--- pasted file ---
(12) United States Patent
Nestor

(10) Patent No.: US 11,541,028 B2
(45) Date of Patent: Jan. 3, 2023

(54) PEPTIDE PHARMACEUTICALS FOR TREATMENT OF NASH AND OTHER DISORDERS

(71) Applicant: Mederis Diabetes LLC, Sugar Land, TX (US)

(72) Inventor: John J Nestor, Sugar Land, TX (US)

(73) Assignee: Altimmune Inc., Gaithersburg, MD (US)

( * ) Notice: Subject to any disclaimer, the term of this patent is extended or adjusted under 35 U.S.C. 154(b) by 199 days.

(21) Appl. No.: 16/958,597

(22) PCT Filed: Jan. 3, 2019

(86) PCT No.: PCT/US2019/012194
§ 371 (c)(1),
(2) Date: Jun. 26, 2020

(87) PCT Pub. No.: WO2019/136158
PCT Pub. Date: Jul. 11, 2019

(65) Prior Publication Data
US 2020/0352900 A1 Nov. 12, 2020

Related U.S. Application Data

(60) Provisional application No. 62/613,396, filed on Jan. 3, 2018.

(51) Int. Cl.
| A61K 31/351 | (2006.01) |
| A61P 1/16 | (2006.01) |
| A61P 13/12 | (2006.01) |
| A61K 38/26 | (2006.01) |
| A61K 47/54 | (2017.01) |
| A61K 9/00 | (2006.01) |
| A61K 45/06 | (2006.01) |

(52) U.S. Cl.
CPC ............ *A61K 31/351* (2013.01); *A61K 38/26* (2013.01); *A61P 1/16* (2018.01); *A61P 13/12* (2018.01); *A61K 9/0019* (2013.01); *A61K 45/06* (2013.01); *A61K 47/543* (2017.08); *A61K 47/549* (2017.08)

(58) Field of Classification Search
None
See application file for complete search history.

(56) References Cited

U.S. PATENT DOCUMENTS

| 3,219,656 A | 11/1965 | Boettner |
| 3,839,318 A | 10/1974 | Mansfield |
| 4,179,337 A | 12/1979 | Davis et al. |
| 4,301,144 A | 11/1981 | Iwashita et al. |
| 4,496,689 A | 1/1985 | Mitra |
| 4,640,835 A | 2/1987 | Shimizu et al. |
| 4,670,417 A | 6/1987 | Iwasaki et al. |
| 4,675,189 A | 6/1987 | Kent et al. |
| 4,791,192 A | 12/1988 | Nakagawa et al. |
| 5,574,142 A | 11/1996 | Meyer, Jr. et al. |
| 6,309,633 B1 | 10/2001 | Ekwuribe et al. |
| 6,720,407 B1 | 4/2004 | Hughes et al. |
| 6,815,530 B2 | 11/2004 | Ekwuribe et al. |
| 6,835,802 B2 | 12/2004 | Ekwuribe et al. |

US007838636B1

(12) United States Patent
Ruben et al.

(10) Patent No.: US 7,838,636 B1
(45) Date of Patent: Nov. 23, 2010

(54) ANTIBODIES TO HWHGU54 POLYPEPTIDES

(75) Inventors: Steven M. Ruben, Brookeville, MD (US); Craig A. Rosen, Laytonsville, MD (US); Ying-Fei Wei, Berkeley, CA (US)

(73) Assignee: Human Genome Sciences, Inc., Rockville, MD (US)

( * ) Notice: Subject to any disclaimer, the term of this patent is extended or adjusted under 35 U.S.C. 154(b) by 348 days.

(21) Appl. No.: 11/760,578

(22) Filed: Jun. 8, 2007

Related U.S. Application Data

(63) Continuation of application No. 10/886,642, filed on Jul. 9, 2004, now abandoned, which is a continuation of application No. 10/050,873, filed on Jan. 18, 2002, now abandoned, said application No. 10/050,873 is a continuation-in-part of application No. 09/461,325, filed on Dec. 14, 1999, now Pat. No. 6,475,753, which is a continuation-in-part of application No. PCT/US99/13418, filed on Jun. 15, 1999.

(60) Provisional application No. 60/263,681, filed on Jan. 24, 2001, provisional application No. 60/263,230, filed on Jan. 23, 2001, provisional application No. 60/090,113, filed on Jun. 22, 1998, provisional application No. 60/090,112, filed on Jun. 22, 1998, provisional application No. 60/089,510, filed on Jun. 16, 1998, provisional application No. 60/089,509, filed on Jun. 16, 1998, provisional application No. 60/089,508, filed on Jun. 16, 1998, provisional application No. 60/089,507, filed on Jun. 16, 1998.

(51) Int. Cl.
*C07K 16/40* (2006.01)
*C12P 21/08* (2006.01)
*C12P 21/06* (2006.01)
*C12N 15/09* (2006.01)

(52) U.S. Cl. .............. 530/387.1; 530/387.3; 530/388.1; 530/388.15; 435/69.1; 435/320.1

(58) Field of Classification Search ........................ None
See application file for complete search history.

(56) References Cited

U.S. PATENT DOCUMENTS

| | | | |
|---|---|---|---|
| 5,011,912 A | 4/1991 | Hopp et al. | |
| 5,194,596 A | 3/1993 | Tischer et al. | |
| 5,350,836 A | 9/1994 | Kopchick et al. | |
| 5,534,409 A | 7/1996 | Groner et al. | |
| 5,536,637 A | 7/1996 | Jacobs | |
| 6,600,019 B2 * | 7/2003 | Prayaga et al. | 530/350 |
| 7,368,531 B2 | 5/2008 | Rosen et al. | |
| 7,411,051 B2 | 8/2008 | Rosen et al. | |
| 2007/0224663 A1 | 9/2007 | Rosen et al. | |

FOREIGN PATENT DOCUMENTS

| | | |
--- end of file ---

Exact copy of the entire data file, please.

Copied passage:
(12) United States Patent
Nestor

(10) Patent No.: US 11,541,028 B2
(45) Date of Patent: Jan. 3, 2023

(54) PEPTIDE PHARMACEUTICALS FOR TREATMENT OF NASH AND OTHER DISORDERS

(71) Applicant: Mederis Diabetes LLC, Sugar Land, TX (US)

(72) Inventor: John J Nestor, Sugar Land, TX (US)

(73) Assignee: Altimmune Inc., Gaithersburg, MD (US)

( * ) Notice: Subject to any disclaimer, the term of this patent is extended or adjusted under 35 U.S.C. 154(b) by 199 days.

(21) Appl. No.: 16/958,597

(22) PCT Filed: Jan. 3, 2019

(86) PCT No.: PCT/US2019/012194
§ 371 (c)(1),
(2) Date: Jun. 26, 2020

(87) PCT Pub. No.: WO2019/136158
PCT Pub. Date: Jul. 11, 2019

(65) Prior Publication Data
US 2020/0352900 A1 Nov. 12, 2020

Related U.S. Application Data

(60) Provisional application No. 62/613,396, filed on Jan. 3, 2018.

(51) Int. Cl.
| A61K 31/351 | (2006.01) |
| A61P 1/16 | (2006.01) |
| A61P 13/12 | (2006.01) |
| A61K 38/26 | (2006.01) |
| A61K 47/54 | (2017.01) |
| A61K 9/00 | (2006.01) |
| A61K 45/06 | (2006.01) |

(52) U.S. Cl.
CPC ............ *A61K 31/351* (2013.01); *A61K 38/26* (2013.01); *A61P 1/16* (2018.01); *A61P 13/12* (2018.01); *A61K 9/0019* (2013.01); *A61K 45/06* (2013.01); *A61K 47/543* (2017.08); *A61K 47/549* (2017.08)

(58) Field of Classification Search
None
See application file for complete search history.

(56) References Cited

U.S. PATENT DOCUMENTS

| 3,219,656 A | 11/1965 | Boettner |
| 3,839,318 A | 10/1974 | Mansfield |
| 4,179,337 A | 12/1979 | Davis et al. |
| 4,301,144 A | 11/1981 | Iwashita et al. |
| 4,496,689 A | 1/1985 | Mitra |
| 4,640,835 A | 2/1987 | Shimizu et al. |
| 4,670,417 A | 6/1987 | Iwasaki et al. |
| 4,675,189 A | 6/1987 | Kent et al. |
| 4,791,192 A | 12/1988 | Nakagawa et al. |
| 5,574,142 A | 11/1996 | Meyer, Jr. et al. |
| 6,309,633 B1 | 10/2001 | Ekwuribe et al. |
| 6,720,407 B1 | 4/2004 | Hughes et al. |
| 6,815,530 B2 | 11/2004 | Ekwuribe et al. |
| 6,835,802 B2 | 12/2004 | Ekwuribe et al. |

US007838636B1

(12) United States Patent
Ruben et al.

(10) Patent No.: US 7,838,636 B1
(45) Date of Patent: Nov. 23, 2010

(54) ANTIBODIES TO HWHGU54 POLYPEPTIDES

(75) Inventors: Steven M. Ruben, Brookeville, MD (US); Craig A. Rosen, Laytonsville, MD (US); Ying-Fei Wei, Berkeley, CA (US)

(73) Assignee: Human Genome Sciences, Inc., Rockville, MD (US)

( * ) Notice: Subject to any disclaimer, the term of this patent is extended or adjusted under 35 U.S.C. 154(b) by 348 days.

(21) Appl. No.: 11/760,578

(22) Filed: Jun. 8, 2007

Related U.S. Application Data

(63) Continuation of application No. 10/886,642, filed on Jul. 9, 2004, now abandoned, which is a continuation of application No. 10/050,873, filed on Jan. 18, 2002, now abandoned, said application No. 10/050,873 is a continuation-in-part of application No. 09/461,325, filed on Dec. 14, 1999, now Pat. No. 6,475,753, which is a continuation-in-part of application No. PCT/US99/13418, filed on Jun. 15, 1999.

(60) Provisional application No. 60/263,681, filed on Jan. 24, 2001, provisional application No. 60/263,230, filed on Jan. 23, 2001, provisional application No. 60/090,113, filed on Jun. 22, 1998, provisional application No. 60/090,112, filed on Jun. 22, 1998, provisional application No. 60/089,510, filed on Jun. 16, 1998, provisional application No. 60/089,509, filed on Jun. 16, 1998, provisional application No. 60/089,508, filed on Jun. 16, 1998, provisional application No. 60/089,507, filed on Jun. 16, 1998.

(51) Int. Cl.
*C07K 16/40* (2006.01)
*C12P 21/08* (2006.01)
*C12P 21/06* (2006.01)
*C12N 15/09* (2006.01)

(52) U.S. Cl. .............. 530/387.1; 530/387.3; 530/388.1; 530/388.15; 435/69.1; 435/320.1

(58) Field of Classification Search ........................ None
See application file for complete search history.

(56) References Cited

U.S. PATENT DOCUMENTS

| | | | |
|---|---|---|---|
| 5,011,912 A | 4/1991 | Hopp et al. | |
| 5,194,596 A | 3/1993 | Tischer et al. | |
| 5,350,836 A | 9/1994 | Kopchick et al. | |
| 5,534,409 A | 7/1996 | Groner et al. | |
| 5,536,637 A | 7/1996 | Jacobs | |
| 6,600,019 B2 * | 7/2003 | Prayaga et al. | 530/350 |
| 7,368,531 B2 | 5/2008 | Rosen et al. | |
| 7,411,051 B2 | 8/2008 | Rosen et al. | |
| 2007/0224663 A1 | 9/2007 | Rosen et al. | |

FOREIGN PATENT DOCUMENTS

| | | |